Jan 22, 2019

In Unnecessary Defense of Alan Jackson

J-man Burnett, a Farce the Music reader, has responded to the ever present Alan Jackson troll. While I'd love to just ignore this deluded person, not even ignoring them seems to end the madness. As far as I know, I can't block IP addresses on Blogger, and I'm not switching formats anytime soon because I'm lazy, so I'll just delete the comments when I remember to. Anyway, here's J-man's completely unnecessary defense of Alan Jackson.


  1. *WARNING: Resistance is futile. I'll never get tired of spreading the message that #AlanJacksonKilledCountry.*
    You're right, Trailer, this post is completely unnecessary. There is so much wrong in this attempted defense of the soy boy who destroyed country music. Whereas Alan Jackson may have grown up on the sounds of Hank Jr. and Gene Watson as you claim (about as likely as Mussolini winning WWII by 1945), it sure as hell doesn’t rub off in his music, which has much more in common with Drake and Future. It was Jackson, after all, who practically invented the “pop-flavored flavored stuff coming out now” (bro-country) mentioned in the minuscule footnote with his “simple songwriting style” which is as country as my Sony MHC RG90 and LBT GPX77. For example, see, "Chattahoochee", "Where I Come From", and "Country Boy" - virtually all of the caricaturist bro-country tropes are there: Moonlight, trucks, beer, river banks, hot girls, house parties, etc. And keep in mind that country music is often stereotyped as being ignorant and jingoistic, being tailor-made for racist, trailer-dwelling white trash rednecks and hicks. And you can thank none other than Alan Jackson for this close-minded view of country music which has become so prevalent. Look no further than "It's Alright to Be a Redneck” (the title tells you all you need to know), "I Still Like Bologna", "Jim and Jack and Hank", and, of course, that stupid 9/11-exploiting song where he couldn't tell the difference between Iraq and Iran. And to rub salt on the wound, another way in which Jackson has destroyed and disgraced country music lies with the fact that modern country is frequently (rightfully) criticized for its heavy non-country influences, especially Drake style R&B, 80's hair metal, and of course, hip-hop. Since 2008, guess who has been Alan Jackson's producer? Rapper Polow da Don, the same guy who produced Nicki Minaj's pile of crap "Anaconda" and in addition has produced songs for many other fellow rappers like Nelly, Rich Boy, Gucci Mane, T.I., and Travis Scott. And contrary to what you think, it has been PROVEN that Alan Jackson has covered multiple rap songs in concert, specifically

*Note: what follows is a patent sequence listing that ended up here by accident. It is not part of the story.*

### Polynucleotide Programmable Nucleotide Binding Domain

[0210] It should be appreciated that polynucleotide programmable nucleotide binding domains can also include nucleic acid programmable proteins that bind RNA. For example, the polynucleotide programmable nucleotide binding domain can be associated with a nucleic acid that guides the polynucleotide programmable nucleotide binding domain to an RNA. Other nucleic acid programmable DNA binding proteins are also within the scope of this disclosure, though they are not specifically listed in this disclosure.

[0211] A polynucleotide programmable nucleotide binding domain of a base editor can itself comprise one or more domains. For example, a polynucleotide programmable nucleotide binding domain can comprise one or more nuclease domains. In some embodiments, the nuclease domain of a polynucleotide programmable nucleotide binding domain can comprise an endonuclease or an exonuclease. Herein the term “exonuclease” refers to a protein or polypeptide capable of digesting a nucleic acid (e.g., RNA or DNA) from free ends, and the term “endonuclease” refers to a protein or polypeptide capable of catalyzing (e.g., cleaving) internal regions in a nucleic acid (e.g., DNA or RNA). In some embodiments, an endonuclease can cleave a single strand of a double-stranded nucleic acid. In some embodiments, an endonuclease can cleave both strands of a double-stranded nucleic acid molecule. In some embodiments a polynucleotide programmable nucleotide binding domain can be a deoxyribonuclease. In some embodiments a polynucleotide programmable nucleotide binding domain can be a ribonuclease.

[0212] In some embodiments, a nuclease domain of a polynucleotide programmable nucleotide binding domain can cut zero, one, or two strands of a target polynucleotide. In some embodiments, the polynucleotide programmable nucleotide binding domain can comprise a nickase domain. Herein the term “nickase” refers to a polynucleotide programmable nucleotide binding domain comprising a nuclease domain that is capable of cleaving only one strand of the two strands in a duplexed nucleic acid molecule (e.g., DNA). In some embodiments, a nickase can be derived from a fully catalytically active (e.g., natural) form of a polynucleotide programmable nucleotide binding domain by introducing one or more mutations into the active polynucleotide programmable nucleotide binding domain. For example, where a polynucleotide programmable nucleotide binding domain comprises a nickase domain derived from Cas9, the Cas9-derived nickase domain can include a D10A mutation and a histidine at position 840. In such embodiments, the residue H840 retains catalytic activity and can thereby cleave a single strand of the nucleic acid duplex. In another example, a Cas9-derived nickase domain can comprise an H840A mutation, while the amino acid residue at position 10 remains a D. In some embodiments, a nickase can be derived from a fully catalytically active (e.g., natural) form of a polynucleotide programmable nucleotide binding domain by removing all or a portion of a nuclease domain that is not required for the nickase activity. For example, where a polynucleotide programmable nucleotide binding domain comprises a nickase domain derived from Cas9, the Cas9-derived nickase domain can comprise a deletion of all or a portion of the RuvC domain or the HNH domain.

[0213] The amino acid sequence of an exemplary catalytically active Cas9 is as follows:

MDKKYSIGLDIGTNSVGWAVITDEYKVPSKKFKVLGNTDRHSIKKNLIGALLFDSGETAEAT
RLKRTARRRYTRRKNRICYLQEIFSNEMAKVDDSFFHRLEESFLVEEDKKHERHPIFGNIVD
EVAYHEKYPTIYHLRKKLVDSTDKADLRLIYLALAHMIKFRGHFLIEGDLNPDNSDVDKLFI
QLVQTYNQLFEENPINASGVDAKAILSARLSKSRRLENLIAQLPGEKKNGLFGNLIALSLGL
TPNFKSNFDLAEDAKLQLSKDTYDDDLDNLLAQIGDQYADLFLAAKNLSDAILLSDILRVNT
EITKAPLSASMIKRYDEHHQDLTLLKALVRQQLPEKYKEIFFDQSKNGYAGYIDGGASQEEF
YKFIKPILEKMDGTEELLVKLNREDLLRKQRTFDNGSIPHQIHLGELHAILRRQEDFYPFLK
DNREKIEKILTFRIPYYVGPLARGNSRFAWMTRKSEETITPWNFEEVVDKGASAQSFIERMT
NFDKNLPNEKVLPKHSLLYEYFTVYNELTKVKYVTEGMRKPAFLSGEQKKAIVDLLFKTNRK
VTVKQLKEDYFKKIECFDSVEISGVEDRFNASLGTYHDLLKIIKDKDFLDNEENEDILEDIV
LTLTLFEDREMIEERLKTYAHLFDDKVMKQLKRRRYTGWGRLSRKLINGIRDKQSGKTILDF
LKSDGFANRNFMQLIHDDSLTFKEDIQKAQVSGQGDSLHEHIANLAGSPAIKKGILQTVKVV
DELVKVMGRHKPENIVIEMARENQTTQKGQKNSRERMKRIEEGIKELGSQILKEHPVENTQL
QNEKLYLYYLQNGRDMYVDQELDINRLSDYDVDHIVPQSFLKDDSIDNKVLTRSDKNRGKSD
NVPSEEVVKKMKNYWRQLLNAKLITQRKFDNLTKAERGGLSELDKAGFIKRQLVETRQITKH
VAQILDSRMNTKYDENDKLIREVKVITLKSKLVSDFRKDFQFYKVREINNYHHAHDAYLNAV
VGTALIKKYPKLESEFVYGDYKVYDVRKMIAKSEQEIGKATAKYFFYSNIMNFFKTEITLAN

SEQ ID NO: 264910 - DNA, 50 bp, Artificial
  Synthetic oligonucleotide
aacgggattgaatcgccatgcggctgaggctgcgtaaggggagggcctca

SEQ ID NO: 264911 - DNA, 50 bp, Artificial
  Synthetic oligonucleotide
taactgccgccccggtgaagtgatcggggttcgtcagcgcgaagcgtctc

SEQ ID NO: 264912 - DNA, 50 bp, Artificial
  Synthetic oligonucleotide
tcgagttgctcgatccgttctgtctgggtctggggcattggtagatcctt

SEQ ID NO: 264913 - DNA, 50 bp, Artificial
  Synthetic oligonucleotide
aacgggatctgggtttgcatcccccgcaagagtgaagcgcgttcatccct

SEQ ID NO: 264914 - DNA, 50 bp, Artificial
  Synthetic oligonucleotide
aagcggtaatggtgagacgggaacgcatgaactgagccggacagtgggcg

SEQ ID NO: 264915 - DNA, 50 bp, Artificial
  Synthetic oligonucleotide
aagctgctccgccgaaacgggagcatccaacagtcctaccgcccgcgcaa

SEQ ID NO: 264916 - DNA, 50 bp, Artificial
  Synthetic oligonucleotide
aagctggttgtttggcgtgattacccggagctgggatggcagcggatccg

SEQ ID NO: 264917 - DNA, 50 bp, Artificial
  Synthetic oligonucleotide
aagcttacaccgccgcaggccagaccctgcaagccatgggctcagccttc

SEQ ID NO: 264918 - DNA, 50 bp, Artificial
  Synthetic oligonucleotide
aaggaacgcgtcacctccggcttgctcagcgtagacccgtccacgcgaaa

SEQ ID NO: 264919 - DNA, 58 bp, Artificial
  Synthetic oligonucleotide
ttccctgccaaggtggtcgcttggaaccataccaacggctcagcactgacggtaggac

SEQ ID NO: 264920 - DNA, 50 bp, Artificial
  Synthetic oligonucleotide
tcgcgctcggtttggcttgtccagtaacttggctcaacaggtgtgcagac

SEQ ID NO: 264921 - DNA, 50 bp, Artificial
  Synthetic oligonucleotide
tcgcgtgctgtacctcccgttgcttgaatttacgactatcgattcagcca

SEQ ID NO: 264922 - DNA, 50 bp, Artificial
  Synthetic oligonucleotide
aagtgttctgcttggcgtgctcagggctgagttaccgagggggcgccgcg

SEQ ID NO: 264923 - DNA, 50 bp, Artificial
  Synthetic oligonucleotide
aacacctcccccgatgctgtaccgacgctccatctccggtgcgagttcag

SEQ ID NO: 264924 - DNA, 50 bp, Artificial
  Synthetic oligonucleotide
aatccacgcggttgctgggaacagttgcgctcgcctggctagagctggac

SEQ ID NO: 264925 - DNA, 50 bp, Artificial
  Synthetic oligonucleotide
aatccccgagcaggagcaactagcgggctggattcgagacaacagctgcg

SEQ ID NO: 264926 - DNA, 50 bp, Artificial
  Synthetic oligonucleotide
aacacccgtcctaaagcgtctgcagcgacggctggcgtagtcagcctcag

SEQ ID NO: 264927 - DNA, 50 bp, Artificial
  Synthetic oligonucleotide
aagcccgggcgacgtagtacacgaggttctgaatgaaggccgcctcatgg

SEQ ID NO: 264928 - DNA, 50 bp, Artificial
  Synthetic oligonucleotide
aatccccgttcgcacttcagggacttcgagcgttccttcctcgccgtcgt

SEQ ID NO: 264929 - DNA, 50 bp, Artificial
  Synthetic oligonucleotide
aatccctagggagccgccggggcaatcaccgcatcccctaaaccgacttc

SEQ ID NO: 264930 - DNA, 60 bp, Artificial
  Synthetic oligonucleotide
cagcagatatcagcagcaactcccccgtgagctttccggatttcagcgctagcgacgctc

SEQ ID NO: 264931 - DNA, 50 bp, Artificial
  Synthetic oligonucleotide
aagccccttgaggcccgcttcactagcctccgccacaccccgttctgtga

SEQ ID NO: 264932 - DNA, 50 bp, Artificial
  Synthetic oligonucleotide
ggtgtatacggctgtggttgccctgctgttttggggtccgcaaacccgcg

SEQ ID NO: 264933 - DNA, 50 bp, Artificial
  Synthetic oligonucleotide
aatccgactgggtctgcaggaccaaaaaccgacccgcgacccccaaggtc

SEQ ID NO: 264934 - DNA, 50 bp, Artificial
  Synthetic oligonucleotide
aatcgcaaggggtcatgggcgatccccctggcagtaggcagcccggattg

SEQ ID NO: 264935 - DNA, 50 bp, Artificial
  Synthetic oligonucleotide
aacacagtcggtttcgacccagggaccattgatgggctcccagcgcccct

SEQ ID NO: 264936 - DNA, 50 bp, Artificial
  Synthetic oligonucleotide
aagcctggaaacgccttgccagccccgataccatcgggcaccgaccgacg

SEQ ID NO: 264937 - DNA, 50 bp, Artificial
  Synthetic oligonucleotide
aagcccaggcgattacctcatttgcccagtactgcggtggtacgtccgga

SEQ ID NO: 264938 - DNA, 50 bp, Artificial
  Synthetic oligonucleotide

* Akon - Don't Matter
    * Wiz Khalifa - We Dem Boyz ( https://www.youtube.com/watch?v=QFOtWpul3ZY )
    * Tyga - Hookah
    * Soulja Boy - Turn My Swag On
    * Soulja Boy - I Got that Sauce
    * Future - Mask Off
    * Flo Rida - Whistle
    * T.I. - Whatever You Like
    * Big Sean ft. Nicki Minaj - Dance (A$$)
    * Lil Wayne - Love Me
    * Drake - Passionfruit
    * Offset - Ric Flair Drip
    * Waka Flocka Flame - Hard in da Paint
    * Shaquille O'Neal - (I Know I Got) Skillz
    * Fetty Wap - Jugg
    And I could give less a flying fuck about any of those little “protests” Jackson may have done at country music awards shows, such as forcing his drummer to play without sticks, covering George Jones’ “Choices” (although I’m sure he’d rather have been covering Wiz Khalifa and Soulja Boy), or walking out on Beyonce and the Dixie Chicks’ performance (but it’s completely acceptable when Jackson does something similar, like having rapper Polow da Don produce his music). In fact, those protests are nothing but Jackson attempting to rehabilitate his image as a “traditional country artist” to country music fans who should rightfully be angry at the damage that he has done to country music. And unfortunately, most country fans (not me) fell hook, line, and sinker into Jackson’s lie. But that does not change reality, which is that Alan Jackson is the biggest disgrace to country music in its entire history. The various non-country influences infecting country radio today, artists like Luke Bryan, FGL, Kane Brown, Morgan Wallen, Cole Swindell, Dan + Shay, and Dustin Lynch, and the fact that pop star Bebe Rexha holds the record for the longest running number one country song at 50 weeks are all the apocalyptic aftermath of what Alan Jackson, the Nickelback of country music, did to this genre.

  2. Blaming Alan Jackson for Bro-Country is like blaming Nirvana for Hanson.



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